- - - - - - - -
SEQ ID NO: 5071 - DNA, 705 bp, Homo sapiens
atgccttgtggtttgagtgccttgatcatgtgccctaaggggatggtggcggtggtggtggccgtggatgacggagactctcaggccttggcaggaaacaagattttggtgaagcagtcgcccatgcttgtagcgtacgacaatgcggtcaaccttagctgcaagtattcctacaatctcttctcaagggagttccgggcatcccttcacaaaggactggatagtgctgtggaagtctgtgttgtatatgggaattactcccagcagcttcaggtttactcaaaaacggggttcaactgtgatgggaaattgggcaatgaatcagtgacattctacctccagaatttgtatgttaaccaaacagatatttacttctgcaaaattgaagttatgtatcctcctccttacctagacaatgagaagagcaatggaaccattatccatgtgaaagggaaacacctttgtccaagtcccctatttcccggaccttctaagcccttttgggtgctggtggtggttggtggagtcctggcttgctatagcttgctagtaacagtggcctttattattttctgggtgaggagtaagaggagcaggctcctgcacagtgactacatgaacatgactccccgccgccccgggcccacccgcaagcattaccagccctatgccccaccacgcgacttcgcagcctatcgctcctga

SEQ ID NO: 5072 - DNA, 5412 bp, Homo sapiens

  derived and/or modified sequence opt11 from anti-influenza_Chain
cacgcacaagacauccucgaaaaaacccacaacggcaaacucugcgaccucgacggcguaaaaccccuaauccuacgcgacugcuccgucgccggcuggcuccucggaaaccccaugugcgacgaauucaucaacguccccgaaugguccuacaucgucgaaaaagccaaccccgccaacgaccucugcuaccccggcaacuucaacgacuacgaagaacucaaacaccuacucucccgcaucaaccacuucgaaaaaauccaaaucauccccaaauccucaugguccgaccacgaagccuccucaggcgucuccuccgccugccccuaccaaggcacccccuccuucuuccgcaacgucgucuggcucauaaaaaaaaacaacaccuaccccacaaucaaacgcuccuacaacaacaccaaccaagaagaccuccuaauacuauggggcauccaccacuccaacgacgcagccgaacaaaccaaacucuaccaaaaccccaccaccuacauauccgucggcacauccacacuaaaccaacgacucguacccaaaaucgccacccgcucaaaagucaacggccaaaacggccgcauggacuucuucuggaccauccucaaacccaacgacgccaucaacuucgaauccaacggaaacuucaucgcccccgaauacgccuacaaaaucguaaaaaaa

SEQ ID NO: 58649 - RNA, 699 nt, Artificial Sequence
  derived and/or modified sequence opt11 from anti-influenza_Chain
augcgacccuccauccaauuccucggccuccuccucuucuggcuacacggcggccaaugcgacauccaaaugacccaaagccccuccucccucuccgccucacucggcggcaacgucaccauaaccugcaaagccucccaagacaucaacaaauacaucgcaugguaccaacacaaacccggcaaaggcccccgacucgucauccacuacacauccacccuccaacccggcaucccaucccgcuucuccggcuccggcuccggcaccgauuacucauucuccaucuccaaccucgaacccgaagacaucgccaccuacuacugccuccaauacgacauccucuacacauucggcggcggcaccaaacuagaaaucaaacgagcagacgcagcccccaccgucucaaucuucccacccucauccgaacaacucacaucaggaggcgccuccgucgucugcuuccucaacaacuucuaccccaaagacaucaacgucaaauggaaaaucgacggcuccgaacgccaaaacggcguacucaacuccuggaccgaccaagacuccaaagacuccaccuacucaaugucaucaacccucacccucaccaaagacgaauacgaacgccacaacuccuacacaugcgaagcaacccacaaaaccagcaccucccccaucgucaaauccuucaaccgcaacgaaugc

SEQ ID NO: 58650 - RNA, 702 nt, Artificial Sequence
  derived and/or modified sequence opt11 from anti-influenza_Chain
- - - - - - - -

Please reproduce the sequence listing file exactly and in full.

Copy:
SEQ ID NO: 5071 - DNA, 705 bp, Homo sapiens
atgccttgtggtttgagtgccttgatcatgtgccctaaggggatggtggcggtggtggtggccgtggatgacggagactctcaggccttggcaggaaacaagattttggtgaagcagtcgcccatgcttgtagcgtacgacaatgcggtcaaccttagctgcaagtattcctacaatctcttctcaagggagttccgggcatcccttcacaaaggactggatagtgctgtggaagtctgtgttgtatatgggaattactcccagcagcttcaggtttactcaaaaacggggttcaactgtgatgggaaattgggcaatgaatcagtgacattctacctccagaatttgtatgttaaccaaacagatatttacttctgcaaaattgaagttatgtatcctcctccttacctagacaatgagaagagcaatggaaccattatccatgtgaaagggaaacacctttgtccaagtcccctatttcccggaccttctaagcccttttgggtgctggtggtggttggtggagtcctggcttgctatagcttgctagtaacagtggcctttattattttctgggtgaggagtaagaggagcaggctcctgcacagtgactacatgaacatgactccccgccgccccgggcccacccgcaagcattaccagccctatgccccaccacgcgacttcgcagcctatcgctcctga

SEQ ID NO: 5072 - DNA, 5412 bp, Homo sapiens

  derived and/or modified sequence opt11 from anti-influenza_Chain
cacgcacaagacauccucgaaaaaacccacaacggcaaacucugcgaccucgacggcguaaaaccccuaauccuacgcgacugcuccgucgccggcuggcuccucggaaaccccaugugcgacgaauucaucaacguccccgaaugguccuacaucgucgaaaaagccaaccccgccaacgaccucugcuaccccggcaacuucaacgacuacgaagaacucaaacaccuacucucccgcaucaaccacuucgaaaaaauccaaaucauccccaaauccucaugguccgaccacgaagccuccucaggcgucuccuccgccugccccuaccaaggcacccccuccuucuuccgcaacgucgucuggcucauaaaaaaaaacaacaccuaccccacaaucaaacgcuccuacaacaacaccaaccaagaagaccuccuaauacuauggggcauccaccacuccaacgacgcagccgaacaaaccaaacucuaccaaaaccccaccaccuacauauccgucggcacauccacacuaaaccaacgacucguacccaaaaucgccacccgcucaaaagucaacggccaaaacggccgcauggacuucuucuggaccauccucaaacccaacgacgccaucaacuucgaauccaacggaaacuucaucgcccccgaauacgccuacaaaaucguaaaaaaa

SEQ ID NO: 58649 - RNA, 699 nt, Artificial Sequence
  derived and/or modified sequence opt11 from anti-influenza_Chain
augcgacccuccauccaauuccucggccuccuccucuucuggcuacacggcggccaaugcgacauccaaaugacccaaagccccuccucccucuccgccucacucggcggcaacgucaccauaaccugcaaagccucccaagacaucaacaaauacaucgcaugguaccaacacaaacccggcaaaggcccccgacucgucauccacuacacauccacccuccaacccggcaucccaucccgcuucuccggcuccggcuccggcaccgauuacucauucuccaucuccaaccucgaacccgaagacaucgccaccuacuacugccuccaauacgacauccucuacacauucggcggcggcaccaaacuagaaaucaaacgagcagacgcagcccccaccgucucaaucuucccacccucauccgaacaacucacaucaggaggcgccuccgucgucugcuuccucaacaacuucuaccccaaagacaucaacgucaaauggaaaaucgacggcuccgaacgccaaaacggcguacucaacuccuggaccgaccaagacuccaaagacuccaccuacucaaugucaucaacccucacccucaccaaagacgaauacgaacgccacaacuccuacacaugcgaagcaacccacaaaaccagcaccucccccaucgucaaauccuucaaccgcaacgaaugc

SEQ ID NO: 58650 - RNA, 702 nt, Artificial Sequence
  derived and/or modified sequence opt11 from anti-influenza_Chain